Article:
To enhance the use of non-animal testing strategies in risk assessment, a generic PBK model of AFB1 was developed to predict in vivo toxicity by using a reverse dosimetry approach. Since PBK modelling-based reverse dosimetry enables quantitative in vitro in vivo extrapolation (QIVIVE), Chapter 4 presents an in vitro-in silico testing strategy to predict the doses causing acute liver toxicity of AFB1 in rats and humans. To this end PBK models for AFB1 in rats and humans were developed and evaluated. The models were further used to translate in vitro concentration–response curves for cytotoxicity in primary rat and human hepatocytes to in vivo dose–response curves using reverse dosimetry. From these data, the dose levels at which toxicity would be expected were obtained and compared to toxic dose levels from available rat studies and human case studies on AFB1 toxicity. The results showed that the in vitro–in silico testing strategy could predict dose levels observed to cause acute toxicity of AFB1 in rats and human in vivo. From this study, it was concluded that QIVIVE using PBK modelling-based reverse dosimetry can adequately predict AFB1 doses that cause acute liver toxicity in rats and human.

The importance of genotoxicity in the mode of action of AFB1 made interesting to use this PBK model to predict its in vivo genotoxicity in liver. In Chapter 5, reported concentration-response curves for in vitro genotoxicity in hepatocytes were searched from literature. Suitable in vitro data, consisting of in vitro micronucleus (MN) data obtained in rat hepatocytes in vitro, were translated to an in vivo dose-response curve. Comparison of the predicted in vivo dose-response curve for MN induction with available in vivo data for MN induction in the liver of rats, revealed adequate dose predictions. The assessment of AFB1 target organ genotoxicity via PBK modelling-facilitated reverse dosimetry approach to perform QIVIVE, offers a promising alternative to obtain insight in the potential genotoxicity in rats taking in vivo kinetics into account.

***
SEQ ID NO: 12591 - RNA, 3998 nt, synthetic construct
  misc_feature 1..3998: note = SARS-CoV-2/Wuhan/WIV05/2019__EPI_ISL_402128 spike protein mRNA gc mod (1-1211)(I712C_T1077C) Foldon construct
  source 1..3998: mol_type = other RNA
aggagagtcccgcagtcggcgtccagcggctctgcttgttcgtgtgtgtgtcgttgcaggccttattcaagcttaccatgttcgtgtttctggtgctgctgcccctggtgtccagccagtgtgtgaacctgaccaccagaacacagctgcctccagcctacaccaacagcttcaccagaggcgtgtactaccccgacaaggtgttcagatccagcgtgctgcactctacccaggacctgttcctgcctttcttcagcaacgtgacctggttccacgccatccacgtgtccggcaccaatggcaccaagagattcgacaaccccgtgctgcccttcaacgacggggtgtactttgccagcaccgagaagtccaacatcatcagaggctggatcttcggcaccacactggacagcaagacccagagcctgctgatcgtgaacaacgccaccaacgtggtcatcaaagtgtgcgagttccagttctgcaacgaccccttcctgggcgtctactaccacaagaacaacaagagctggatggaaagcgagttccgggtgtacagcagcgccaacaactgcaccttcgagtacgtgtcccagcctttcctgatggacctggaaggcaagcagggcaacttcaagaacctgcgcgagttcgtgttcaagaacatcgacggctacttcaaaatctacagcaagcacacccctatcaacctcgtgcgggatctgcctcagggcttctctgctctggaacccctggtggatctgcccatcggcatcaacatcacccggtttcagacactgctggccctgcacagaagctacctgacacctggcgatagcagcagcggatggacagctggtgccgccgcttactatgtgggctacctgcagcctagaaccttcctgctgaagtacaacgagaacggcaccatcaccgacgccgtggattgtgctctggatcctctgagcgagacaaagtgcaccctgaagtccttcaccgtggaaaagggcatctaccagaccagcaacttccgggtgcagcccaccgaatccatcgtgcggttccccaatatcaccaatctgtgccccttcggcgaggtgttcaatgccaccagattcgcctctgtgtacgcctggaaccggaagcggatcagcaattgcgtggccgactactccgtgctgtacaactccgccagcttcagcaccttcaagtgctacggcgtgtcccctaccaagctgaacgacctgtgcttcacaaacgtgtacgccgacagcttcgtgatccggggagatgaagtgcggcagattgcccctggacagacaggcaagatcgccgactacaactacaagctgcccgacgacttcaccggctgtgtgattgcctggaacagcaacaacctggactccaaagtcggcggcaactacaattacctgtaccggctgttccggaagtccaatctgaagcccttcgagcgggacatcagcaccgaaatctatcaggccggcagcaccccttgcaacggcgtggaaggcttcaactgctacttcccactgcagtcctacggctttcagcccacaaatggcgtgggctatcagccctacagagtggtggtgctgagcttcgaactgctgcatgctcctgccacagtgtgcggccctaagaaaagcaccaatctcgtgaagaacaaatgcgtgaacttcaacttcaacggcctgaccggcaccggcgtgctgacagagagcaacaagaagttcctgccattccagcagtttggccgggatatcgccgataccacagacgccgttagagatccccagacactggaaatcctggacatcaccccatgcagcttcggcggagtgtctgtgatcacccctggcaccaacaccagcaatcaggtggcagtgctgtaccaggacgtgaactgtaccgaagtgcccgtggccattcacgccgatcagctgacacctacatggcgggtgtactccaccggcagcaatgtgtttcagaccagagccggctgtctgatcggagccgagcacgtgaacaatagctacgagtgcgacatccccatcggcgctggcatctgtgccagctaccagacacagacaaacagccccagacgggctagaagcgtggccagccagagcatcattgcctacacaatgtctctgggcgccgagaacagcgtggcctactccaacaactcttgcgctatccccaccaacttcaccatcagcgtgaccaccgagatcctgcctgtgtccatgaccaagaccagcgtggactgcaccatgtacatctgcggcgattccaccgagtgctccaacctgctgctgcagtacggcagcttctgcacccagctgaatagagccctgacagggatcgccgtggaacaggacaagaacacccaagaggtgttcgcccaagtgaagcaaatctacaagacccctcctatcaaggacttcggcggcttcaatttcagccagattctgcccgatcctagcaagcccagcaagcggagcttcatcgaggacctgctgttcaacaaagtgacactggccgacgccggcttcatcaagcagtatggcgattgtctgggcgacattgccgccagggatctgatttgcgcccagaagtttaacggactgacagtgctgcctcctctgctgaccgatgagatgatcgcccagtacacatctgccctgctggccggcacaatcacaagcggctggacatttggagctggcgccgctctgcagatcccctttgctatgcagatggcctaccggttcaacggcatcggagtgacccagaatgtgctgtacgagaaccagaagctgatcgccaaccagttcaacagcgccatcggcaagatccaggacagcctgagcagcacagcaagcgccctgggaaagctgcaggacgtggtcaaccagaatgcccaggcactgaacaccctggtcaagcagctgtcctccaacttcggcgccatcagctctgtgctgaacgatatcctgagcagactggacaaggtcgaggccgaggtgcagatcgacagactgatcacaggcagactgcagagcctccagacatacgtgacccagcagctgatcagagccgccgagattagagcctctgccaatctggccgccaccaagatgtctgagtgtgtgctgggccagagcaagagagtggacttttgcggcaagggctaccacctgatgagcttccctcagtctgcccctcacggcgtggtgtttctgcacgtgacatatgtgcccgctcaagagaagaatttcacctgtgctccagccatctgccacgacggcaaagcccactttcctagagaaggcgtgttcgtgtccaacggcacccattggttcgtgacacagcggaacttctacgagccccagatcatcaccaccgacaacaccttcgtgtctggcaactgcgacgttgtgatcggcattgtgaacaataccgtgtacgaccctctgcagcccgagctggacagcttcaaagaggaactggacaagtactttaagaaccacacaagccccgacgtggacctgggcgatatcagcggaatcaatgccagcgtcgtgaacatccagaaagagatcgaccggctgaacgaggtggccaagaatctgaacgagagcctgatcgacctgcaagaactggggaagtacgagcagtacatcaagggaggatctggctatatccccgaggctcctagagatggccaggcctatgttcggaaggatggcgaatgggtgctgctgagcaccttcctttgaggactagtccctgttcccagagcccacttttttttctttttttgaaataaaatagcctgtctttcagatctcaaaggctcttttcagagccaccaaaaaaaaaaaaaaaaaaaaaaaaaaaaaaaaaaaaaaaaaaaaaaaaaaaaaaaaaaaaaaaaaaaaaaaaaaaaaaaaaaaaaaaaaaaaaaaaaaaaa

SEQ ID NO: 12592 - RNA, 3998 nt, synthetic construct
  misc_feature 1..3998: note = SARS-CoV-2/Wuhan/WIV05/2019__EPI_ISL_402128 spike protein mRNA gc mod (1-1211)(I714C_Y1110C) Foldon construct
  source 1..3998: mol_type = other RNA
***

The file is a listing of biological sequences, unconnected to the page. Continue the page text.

Despite the focus on one commodity, this study provides a promising starting point for future risk assessments in Mexico (Chapter 6). The risk assessment also revealed that the exposure to AFB1, fumonisins and DON is mainly driven by consumption rather than occurrence levels, and nixtamalization of maize may not be fully effective in reducing mycotoxins levels to a level of low concern. A PBK model approach for AFB1, and translation of in vitro data using PBK modelling-based reverse dosimetry to in vivo dose response curves was developed to estimate the acute liver toxicity without in vivo studies. Altogether, it was noticed that chronic exposure to AFB1 by Mexicans raise a concern. Also, it was observed that genotoxicity data available for AFB1 in vitro and in vivo in liver cells or liver tissue appear to be limited, and that improvement of liver cell models for studying chronic exposure in in vitro studies will also improve the PBK modelling-based reverse dosimetry approach.

In conclusion, the results support the conclusion that further risk management actions to reduce potential health-risks of mycotoxins AFB1, fumonisins and DON in nixtamalized maize consumed by Mexican population are needed. QIVIVE results showed that PBK modelling-based reverse dosimetry is a promising tool to predict and study the toxicity of AFB1, but potentially also of other food borne mycotoxins.

Original languageEnglish
QualificationDoctor of Philosophy
Awarding Institution
  • Wageningen University
  • Rietjens, Ivonne, Promotor
  • Wesseling, Sebas, Co-promotor
Award date20 May 2021
Place of PublicationWageningen
Print ISBNs9789463957380
Publication statusPublished - 20 May 2021